Smash Mouth Lead Singer Passes After Hospice Care
Steve Harwell, most notably known as the founding lead singer of the rock band Smash Mouth, passed away on Monday, reported longtime band manager Robert Hayes.
Alcohol abuse is suspected to be a major factor in Harwell’s declining health, as Hayes confirmed Harwell had struggled with an addiction to alcohol throughout his life, according to an article published in The Guardian. This is thought to be the main contributing to his late-stage liver failure, confirmed to be the cause of death.
In a public statement, Hayes remembered Harwell as a “true American Original. A larger-than-life character who shot up into the sky like a Roman candle. Steve should be remembered for his unwavering focus and impassioned determination to reach the heights of pop stardom.”
He continued, “His only tools were his irrepressible charm and charisma, his fearlessly reckless ambition. Steve lived a 100% full-throttle life. Burning brightly across the universe before burning out. Rest in peace knowing you aimed for the stars, and magically hit your target.”
Harwell entered hospice care on Sunday and died on Monday, surrounded by his fiancée, friends, and family in his Boise, Idaho home. He was 56.
Harwell was a founding member of Smash Mouth, with the band rising in popularity thanks to their late 90’s hits “Walkin’ on the Sun” and cover of “Why Can’t We Be Friends.”
It wasn’t until 2001 though, with the release of the first Shrek film, when their hits “All Star” and “I’m a Believer” were featured on the film’s soundtrack that the band achieved mainstream success.
Harwell also dabbled in acting and television, appearing on VH1’s sixth season of The Surreal Life and having a cameo (along with the rest of the band) in the 2001 film Rat Race.
Ongoing Health Problems
Fans were shocked by the news of Harwell entering hospice care and his subsequent passing, though Harwell had a history of ongoing health problems, particularly during the last decade of his life. In 2013, Harwell was diagnosed with cardiomyopathy and Wernicke encephalopathy, two health conditions where alcohol use can be an exacerbating factor.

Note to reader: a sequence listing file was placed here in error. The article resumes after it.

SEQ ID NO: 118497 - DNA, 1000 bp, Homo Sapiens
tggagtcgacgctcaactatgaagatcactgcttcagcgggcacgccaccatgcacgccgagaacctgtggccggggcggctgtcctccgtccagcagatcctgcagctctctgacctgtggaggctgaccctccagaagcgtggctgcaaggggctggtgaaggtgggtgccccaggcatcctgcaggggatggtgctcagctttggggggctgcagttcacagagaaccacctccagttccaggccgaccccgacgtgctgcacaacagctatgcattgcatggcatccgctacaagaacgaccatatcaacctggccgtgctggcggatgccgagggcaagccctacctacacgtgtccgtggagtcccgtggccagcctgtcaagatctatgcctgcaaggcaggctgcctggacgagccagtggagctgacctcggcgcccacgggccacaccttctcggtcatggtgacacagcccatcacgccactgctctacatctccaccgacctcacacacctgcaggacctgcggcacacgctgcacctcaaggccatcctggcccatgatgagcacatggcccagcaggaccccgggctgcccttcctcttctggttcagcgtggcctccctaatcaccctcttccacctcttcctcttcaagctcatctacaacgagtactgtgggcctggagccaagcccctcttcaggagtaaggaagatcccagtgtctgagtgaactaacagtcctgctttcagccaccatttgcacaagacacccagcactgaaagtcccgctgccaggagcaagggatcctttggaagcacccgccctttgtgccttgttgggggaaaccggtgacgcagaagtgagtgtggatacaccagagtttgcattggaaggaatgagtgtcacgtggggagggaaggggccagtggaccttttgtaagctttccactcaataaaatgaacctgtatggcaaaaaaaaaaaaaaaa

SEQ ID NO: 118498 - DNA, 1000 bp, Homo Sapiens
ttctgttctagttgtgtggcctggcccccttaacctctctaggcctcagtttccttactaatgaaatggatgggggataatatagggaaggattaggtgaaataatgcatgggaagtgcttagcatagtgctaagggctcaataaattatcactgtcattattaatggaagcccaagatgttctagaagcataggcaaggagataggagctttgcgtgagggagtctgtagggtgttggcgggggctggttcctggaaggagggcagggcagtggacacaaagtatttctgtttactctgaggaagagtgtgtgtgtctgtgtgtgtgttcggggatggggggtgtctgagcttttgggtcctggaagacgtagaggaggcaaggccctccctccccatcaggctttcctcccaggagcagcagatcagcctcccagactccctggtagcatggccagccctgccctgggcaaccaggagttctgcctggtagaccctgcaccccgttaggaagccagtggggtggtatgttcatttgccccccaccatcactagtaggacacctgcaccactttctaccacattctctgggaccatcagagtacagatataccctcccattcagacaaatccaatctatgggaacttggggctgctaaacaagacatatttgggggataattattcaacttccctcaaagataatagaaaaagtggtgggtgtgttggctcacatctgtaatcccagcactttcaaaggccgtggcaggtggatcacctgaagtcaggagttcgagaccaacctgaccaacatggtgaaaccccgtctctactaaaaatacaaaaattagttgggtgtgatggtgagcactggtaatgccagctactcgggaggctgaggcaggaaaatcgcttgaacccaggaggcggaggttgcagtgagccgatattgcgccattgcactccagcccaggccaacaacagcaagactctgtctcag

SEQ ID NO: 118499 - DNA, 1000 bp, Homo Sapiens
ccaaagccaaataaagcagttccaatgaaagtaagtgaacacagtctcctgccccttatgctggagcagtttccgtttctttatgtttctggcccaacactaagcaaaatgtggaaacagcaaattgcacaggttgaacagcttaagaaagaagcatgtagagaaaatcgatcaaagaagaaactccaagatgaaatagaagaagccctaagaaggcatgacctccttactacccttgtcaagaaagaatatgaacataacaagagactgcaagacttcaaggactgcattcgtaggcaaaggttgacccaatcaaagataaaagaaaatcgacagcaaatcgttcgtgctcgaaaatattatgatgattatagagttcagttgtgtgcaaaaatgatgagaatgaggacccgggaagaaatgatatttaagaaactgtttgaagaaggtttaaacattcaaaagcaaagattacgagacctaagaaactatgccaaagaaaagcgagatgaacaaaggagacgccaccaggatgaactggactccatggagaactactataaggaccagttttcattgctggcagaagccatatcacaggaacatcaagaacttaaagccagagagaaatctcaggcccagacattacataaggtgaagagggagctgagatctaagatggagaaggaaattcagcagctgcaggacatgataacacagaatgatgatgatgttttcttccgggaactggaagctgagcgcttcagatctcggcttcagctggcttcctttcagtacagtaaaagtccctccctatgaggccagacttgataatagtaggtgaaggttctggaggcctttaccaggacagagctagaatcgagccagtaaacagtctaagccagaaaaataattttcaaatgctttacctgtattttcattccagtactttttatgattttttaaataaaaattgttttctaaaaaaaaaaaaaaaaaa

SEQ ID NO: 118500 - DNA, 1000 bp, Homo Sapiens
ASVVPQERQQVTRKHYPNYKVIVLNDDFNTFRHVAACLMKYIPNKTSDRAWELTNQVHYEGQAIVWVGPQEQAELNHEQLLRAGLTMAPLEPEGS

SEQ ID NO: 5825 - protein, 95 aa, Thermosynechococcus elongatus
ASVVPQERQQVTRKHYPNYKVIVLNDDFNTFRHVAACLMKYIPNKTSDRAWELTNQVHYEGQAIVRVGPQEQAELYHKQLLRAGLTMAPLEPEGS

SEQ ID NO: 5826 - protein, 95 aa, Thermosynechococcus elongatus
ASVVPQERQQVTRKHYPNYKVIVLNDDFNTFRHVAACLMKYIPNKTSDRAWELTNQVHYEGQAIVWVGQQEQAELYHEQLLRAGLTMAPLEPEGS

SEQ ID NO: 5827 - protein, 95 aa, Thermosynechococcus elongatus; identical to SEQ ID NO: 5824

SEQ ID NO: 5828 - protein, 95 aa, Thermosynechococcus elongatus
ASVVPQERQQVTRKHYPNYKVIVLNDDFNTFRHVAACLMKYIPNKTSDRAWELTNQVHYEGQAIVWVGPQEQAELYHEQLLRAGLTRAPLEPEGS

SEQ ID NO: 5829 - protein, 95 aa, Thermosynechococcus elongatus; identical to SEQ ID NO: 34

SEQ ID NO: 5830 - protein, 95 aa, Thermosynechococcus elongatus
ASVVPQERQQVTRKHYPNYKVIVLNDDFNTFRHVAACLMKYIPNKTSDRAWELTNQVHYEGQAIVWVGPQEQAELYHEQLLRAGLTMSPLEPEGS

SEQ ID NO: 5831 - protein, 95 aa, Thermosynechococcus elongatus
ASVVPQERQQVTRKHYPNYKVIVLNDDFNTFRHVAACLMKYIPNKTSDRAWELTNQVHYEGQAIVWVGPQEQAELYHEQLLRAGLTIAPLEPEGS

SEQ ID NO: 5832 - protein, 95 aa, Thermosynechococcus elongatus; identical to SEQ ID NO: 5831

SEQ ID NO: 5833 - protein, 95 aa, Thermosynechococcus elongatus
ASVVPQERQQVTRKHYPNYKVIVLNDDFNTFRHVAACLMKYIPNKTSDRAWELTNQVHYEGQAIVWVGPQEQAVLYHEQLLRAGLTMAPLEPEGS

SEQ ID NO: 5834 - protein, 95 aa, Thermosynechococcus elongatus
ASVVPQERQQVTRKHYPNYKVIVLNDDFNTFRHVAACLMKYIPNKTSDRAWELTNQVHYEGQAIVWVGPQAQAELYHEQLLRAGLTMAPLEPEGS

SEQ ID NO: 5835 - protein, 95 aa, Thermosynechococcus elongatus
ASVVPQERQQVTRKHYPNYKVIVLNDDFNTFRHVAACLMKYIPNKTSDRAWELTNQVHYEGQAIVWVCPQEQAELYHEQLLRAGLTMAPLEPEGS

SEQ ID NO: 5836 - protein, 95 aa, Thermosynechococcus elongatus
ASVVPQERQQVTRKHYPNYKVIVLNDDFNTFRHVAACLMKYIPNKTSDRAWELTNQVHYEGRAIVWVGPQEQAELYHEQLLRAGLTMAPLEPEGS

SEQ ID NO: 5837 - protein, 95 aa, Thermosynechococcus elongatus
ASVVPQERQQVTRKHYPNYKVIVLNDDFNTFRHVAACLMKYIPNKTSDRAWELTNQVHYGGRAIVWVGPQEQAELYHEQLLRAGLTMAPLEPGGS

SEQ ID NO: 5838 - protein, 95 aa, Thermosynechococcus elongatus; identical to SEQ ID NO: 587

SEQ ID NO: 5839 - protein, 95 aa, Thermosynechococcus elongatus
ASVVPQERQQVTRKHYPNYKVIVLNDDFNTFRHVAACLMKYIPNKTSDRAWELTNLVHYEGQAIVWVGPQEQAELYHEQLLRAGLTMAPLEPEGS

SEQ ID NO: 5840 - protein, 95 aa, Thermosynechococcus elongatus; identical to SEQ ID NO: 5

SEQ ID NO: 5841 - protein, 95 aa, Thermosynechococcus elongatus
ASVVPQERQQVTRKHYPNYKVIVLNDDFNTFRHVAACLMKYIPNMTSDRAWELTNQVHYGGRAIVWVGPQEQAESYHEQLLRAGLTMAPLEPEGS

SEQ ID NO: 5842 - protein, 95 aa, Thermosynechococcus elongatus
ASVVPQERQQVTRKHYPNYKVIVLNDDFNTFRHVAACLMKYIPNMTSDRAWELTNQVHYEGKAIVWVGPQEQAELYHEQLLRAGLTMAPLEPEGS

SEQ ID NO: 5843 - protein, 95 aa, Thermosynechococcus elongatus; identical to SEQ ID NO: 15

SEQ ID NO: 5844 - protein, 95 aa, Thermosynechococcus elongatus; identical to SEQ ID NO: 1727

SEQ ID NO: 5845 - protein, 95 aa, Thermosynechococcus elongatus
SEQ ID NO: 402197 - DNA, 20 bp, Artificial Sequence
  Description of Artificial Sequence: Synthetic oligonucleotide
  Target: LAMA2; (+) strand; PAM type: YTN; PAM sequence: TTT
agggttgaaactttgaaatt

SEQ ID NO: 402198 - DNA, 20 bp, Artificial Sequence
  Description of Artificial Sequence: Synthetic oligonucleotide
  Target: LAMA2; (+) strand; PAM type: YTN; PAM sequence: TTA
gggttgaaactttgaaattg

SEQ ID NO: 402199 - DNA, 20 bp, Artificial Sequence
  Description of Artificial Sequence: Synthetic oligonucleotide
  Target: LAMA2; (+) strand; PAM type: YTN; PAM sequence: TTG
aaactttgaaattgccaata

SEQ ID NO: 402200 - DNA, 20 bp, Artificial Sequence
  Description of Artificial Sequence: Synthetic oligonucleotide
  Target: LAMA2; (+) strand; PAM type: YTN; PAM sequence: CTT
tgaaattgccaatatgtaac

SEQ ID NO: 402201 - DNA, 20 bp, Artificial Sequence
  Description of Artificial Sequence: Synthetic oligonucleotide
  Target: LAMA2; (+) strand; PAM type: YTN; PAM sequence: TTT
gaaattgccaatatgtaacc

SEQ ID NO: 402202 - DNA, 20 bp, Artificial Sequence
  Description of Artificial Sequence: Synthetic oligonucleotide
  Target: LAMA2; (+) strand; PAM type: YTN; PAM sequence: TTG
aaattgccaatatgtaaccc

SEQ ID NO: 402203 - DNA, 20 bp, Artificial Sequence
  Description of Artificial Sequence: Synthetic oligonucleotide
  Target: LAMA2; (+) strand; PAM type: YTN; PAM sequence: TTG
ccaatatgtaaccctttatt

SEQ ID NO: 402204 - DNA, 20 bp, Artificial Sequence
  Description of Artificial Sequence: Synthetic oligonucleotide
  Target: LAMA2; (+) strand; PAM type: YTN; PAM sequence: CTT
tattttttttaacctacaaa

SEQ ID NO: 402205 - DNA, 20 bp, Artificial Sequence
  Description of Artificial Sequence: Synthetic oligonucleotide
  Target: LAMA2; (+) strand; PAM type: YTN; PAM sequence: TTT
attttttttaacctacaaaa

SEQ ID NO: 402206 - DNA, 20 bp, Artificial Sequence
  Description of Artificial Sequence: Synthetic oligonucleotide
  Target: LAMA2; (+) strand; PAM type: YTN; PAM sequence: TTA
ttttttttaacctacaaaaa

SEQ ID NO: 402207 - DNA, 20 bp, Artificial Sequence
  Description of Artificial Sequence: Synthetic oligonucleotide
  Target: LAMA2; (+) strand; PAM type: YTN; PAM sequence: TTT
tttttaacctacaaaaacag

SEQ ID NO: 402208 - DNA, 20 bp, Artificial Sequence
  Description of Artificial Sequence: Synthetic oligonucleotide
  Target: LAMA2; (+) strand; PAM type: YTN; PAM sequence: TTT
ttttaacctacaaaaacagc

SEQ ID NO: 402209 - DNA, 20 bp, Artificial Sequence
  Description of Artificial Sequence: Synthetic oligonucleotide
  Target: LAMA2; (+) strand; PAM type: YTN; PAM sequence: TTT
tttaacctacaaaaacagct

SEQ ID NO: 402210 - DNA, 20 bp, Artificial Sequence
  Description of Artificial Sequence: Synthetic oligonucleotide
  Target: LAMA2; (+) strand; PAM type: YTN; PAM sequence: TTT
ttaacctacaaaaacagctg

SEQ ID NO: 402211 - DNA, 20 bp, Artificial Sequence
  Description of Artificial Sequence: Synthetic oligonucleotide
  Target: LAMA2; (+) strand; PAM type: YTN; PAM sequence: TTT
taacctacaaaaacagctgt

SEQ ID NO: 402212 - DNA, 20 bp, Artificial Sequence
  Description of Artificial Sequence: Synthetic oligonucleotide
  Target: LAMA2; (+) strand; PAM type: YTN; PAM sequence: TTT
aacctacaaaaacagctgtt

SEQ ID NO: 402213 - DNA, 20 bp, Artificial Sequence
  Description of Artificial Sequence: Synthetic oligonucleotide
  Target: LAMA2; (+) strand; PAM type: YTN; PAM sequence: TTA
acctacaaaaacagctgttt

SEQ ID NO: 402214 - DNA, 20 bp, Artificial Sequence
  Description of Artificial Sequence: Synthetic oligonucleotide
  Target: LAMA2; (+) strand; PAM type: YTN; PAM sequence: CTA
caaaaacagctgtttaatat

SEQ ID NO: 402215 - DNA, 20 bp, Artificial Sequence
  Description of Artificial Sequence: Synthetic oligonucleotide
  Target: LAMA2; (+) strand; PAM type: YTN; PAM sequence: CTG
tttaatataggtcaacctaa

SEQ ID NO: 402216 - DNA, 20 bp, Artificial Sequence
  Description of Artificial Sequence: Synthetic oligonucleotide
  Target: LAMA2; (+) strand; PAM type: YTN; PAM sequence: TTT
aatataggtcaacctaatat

Cardiomyopathy is a heart disease where the heart muscles are not strong enough to pump blood to the rest of the body, which can ultimately result in heart failure. People suffering from cardiomyopathy may present with boating of the abdomen, dizziness, breathlessness, and rapid heartbeat. Excessive, long-term alcohol use is one of the contributing behaviors that can cause this condition.
Similarly, Wernicke encephalopathy, or wet brain, is a neurological condition caused by a lack of B-vitamins. It is commonly diagnosed in people suffering from malnourishment due to alcohol misuse, with symptoms presenting as confusion, uncontrolled eye movement, and involuntary muscle movement.
Both conditions are said to have negatively affected Harwell over the years and are thought to have contributed to him suffering from late-stage liver failure, his ultimate cause of death, according to USA Today.
What Causes Liver Failure?
Liver failure is when the liver shuts down and is unable to carry out important bodily functions. It is most often the result of long-term liver disease, which has many contributing factors, including genetics, infections, immunodeficiencies, and long-term alcohol abuse.
Alcohol abuse can lead to many health problems, including digestive issues, heart disease, weakening of the immune system, and liver diseases. Since 90% of all alcohol is processed through the liver, the organ is at the highest risk for cell degeneration and damage caused by the substance. This can result in fatty liver disease and cirrhosis of the liver, ultimately leading to liver failure if left untreated.
Help For Alcohol Addiction
Though never going public with his addiction struggle, an inside source revealed that Harwell struggled with many unspecified addictions over the years, as reported to Billboard. Harwell’s long-term alcohol misuse was something he hinted at when he retired from Smash Mouth in 2022.
Due to his declining health and episodes of erratic and disturbing behavior, Harwell retired, telling fans: “I’ve tried so hard to power through my physical and mental health issues and to play in front of you one last time, but I just wasn’t able to.”
Unfortunately, Harwell’s passing is a solemn reminder that anyone can be affected by alcohol addiction, no matter their level of success. It’s important to understand that addiction is a disease that requires treatment, and getting help is the first step towards recovery.
If alcohol abuse is a recurring problem for you or someone you love, it may be time to contact a treatment provider. They can help answer your rehab-related questions and discuss available treatment options.